Elephant inmates, that is.
Two recent studies comparing the health of wild elephants to that of captive ones just concluded that—golly jeepers—free-roaming animals don’t fare very well if they’re kidnapped from their mothers and kept for life in cages—excuse me—”zoo exhibits.” You see, 8,000-pound elephants physically require exercise, including being active for up to 18 hours per day (sometimes covering as much as 30 miles of open wilderness in a herd of closely-knit family members). It turns out that they frequently experience fatal side effects when they are reduced to pacing around enclosures that are typically just a fraction of an acre of unnatural habitat (or a couple of acres if they’re really lucky). Imagine life in the circus, where elephants are kept in shackles almost every hour of their life, standing in feces and urine, swaying from one foot to the other.
Here are a few of the not-so-happy findings:
- For African elephants, the average lifespan in captivity was only 16.9 years compared to 56 years in the wild. Asian elephants in zoos are 18.9 years old, on average, when they die, while Asian elephants in timber camps, where they spend most of the day living as they would in the wild, live 41.7 years.
- The vast majority of elephants in zoos are stressed and overweight.
- Infant mortality rates are two to three times higher for those born in zoos compared to births in logging camps.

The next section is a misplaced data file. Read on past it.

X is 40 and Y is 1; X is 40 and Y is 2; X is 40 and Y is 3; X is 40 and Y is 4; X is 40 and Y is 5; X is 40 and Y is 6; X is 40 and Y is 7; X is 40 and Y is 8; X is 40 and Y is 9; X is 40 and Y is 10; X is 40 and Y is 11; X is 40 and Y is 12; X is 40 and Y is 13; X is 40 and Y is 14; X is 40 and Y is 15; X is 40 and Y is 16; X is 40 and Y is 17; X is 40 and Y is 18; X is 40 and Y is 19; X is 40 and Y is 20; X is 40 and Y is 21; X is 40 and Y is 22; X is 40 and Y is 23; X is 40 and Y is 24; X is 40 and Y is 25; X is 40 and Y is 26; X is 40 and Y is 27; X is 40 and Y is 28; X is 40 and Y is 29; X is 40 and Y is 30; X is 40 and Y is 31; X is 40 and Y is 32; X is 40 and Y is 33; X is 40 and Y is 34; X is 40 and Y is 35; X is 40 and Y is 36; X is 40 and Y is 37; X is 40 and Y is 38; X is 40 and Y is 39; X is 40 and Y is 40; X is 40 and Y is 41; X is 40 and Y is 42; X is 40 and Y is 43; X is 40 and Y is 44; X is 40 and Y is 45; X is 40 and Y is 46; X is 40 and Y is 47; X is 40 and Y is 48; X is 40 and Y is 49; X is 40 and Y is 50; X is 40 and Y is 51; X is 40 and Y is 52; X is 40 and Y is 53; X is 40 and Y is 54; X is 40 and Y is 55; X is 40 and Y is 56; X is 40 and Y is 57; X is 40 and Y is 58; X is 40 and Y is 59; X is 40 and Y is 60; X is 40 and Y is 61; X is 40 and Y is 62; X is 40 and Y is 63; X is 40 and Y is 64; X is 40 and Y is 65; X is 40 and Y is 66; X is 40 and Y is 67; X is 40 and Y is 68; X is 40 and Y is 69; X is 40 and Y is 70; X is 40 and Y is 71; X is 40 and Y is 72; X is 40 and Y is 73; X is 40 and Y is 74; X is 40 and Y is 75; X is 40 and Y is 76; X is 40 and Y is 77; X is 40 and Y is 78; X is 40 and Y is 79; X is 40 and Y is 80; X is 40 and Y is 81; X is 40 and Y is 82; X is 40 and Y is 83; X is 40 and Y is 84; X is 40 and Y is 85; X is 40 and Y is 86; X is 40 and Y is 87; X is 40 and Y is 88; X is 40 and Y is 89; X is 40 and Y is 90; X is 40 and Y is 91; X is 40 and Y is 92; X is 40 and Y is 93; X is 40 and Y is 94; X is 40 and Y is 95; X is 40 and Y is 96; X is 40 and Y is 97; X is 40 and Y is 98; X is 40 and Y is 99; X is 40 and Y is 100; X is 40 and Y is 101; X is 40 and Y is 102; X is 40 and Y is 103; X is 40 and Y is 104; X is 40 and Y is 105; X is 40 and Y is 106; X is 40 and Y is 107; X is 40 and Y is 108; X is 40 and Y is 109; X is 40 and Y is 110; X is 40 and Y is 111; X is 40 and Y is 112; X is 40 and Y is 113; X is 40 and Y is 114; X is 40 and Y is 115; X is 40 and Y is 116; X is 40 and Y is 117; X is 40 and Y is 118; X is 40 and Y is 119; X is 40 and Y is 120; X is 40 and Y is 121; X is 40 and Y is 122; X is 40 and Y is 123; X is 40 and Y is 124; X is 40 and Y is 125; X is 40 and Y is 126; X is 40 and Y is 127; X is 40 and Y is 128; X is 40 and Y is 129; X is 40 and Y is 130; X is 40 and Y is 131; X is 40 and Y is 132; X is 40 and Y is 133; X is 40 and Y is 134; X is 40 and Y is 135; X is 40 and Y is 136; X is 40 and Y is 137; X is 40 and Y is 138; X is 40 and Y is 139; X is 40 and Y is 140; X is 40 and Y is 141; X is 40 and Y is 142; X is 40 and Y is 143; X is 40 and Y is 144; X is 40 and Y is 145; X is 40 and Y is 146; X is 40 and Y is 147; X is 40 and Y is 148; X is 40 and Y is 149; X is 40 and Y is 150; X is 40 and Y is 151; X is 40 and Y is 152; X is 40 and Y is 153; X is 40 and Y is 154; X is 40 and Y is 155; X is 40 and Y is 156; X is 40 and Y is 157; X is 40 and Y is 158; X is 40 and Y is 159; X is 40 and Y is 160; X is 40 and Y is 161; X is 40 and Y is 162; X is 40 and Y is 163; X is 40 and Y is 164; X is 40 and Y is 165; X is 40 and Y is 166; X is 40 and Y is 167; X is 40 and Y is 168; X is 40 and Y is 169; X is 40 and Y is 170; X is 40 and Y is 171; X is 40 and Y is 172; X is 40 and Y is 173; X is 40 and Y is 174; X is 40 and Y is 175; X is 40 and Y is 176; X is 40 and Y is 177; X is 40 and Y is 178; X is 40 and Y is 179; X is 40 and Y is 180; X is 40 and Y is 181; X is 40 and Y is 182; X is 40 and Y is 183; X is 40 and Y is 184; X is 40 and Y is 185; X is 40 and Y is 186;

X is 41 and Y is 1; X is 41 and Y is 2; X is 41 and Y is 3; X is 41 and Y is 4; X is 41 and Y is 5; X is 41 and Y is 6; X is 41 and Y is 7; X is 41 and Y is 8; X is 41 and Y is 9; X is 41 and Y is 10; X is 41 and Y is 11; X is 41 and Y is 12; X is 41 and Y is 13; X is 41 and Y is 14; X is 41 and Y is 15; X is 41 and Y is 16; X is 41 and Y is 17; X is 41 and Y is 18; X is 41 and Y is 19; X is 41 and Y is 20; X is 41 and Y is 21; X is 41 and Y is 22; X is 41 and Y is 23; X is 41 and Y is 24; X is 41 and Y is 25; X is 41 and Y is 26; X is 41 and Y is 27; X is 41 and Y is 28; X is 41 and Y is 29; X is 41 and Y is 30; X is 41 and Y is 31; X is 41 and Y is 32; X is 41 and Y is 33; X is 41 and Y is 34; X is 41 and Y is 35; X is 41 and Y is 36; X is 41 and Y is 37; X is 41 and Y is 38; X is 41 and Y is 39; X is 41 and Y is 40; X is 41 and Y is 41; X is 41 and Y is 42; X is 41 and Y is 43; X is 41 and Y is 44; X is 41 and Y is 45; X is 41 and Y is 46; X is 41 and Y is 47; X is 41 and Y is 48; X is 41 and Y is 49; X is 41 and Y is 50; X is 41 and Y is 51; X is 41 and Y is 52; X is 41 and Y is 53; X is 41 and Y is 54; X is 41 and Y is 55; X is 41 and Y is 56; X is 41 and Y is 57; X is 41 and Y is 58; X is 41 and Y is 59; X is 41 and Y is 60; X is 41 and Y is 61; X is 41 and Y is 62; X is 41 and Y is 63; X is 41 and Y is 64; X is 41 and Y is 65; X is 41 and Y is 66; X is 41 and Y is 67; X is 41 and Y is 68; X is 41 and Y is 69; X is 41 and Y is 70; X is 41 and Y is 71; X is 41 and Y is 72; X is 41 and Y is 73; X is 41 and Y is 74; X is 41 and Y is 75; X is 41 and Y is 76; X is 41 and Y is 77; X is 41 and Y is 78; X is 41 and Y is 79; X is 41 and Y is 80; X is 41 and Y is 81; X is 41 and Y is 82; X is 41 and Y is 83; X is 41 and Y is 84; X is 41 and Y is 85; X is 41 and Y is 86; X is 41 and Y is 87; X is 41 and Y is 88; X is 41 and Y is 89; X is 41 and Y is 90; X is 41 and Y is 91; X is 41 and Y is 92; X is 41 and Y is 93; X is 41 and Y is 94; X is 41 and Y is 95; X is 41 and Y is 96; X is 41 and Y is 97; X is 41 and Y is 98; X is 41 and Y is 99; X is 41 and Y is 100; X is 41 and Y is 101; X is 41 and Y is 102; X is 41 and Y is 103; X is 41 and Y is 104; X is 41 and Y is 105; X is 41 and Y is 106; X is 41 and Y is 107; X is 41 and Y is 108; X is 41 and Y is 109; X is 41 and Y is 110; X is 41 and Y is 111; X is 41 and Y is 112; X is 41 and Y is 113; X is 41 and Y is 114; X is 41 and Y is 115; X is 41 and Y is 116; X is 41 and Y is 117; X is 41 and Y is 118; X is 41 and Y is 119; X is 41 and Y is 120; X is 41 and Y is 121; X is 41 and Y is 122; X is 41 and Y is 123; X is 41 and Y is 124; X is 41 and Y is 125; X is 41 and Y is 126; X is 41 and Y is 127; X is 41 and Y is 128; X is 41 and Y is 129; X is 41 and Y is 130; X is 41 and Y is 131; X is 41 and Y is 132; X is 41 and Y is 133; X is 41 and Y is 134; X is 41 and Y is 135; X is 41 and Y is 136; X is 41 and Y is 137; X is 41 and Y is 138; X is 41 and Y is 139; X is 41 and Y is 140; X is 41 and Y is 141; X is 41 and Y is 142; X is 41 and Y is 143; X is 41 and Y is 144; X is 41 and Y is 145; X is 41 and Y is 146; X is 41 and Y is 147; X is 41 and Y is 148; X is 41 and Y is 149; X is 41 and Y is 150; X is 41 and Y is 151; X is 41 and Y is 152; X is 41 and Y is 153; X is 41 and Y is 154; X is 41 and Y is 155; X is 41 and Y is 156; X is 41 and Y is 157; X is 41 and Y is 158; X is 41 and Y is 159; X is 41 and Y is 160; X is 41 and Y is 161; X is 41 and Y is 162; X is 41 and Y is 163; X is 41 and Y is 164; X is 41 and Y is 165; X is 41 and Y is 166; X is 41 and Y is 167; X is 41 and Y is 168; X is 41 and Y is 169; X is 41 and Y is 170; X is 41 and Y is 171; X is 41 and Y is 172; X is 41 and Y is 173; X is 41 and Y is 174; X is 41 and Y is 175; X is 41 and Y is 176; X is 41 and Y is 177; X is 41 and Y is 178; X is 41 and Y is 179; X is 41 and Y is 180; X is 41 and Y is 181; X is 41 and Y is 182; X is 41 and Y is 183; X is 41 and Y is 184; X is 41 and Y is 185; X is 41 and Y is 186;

- Early death was also more likely to occur in captive animals who were born in the wild or transferred between zoos. Dr. Clubb says this is probably caused by the stress of being taken away from their herds, mothers, or family groups.
Strangely, Steve Feldman, spokesperson for the Association of Zoos and Aquariums (AZA) said something about these findings not applying to US zoos, as the studies were conducted in European zoos. Really? Try telling that to the 63 elephants who have died at AZA-accredited facilities since 2000—more than half never reached the age of 40. And with AZA’s pathetic space recommendations for elephants, which are about the size of a 3-car garage, elephants in the U.S. commonly develop deadly foot problems and arthritis.
The point, to state the obvious, is that stealing animals and using them for exploitative entertainment is outdated, unnecessary, and—hello?—wrong, and these studies give scientific evidence of it. No matter how eloquently zoos attempt to justify keeping animals in captivity to make a profit, caging elephants (or any wild animals, for that matter) is just flat-out indefensible and should be abandoned.
Written by Missy Lane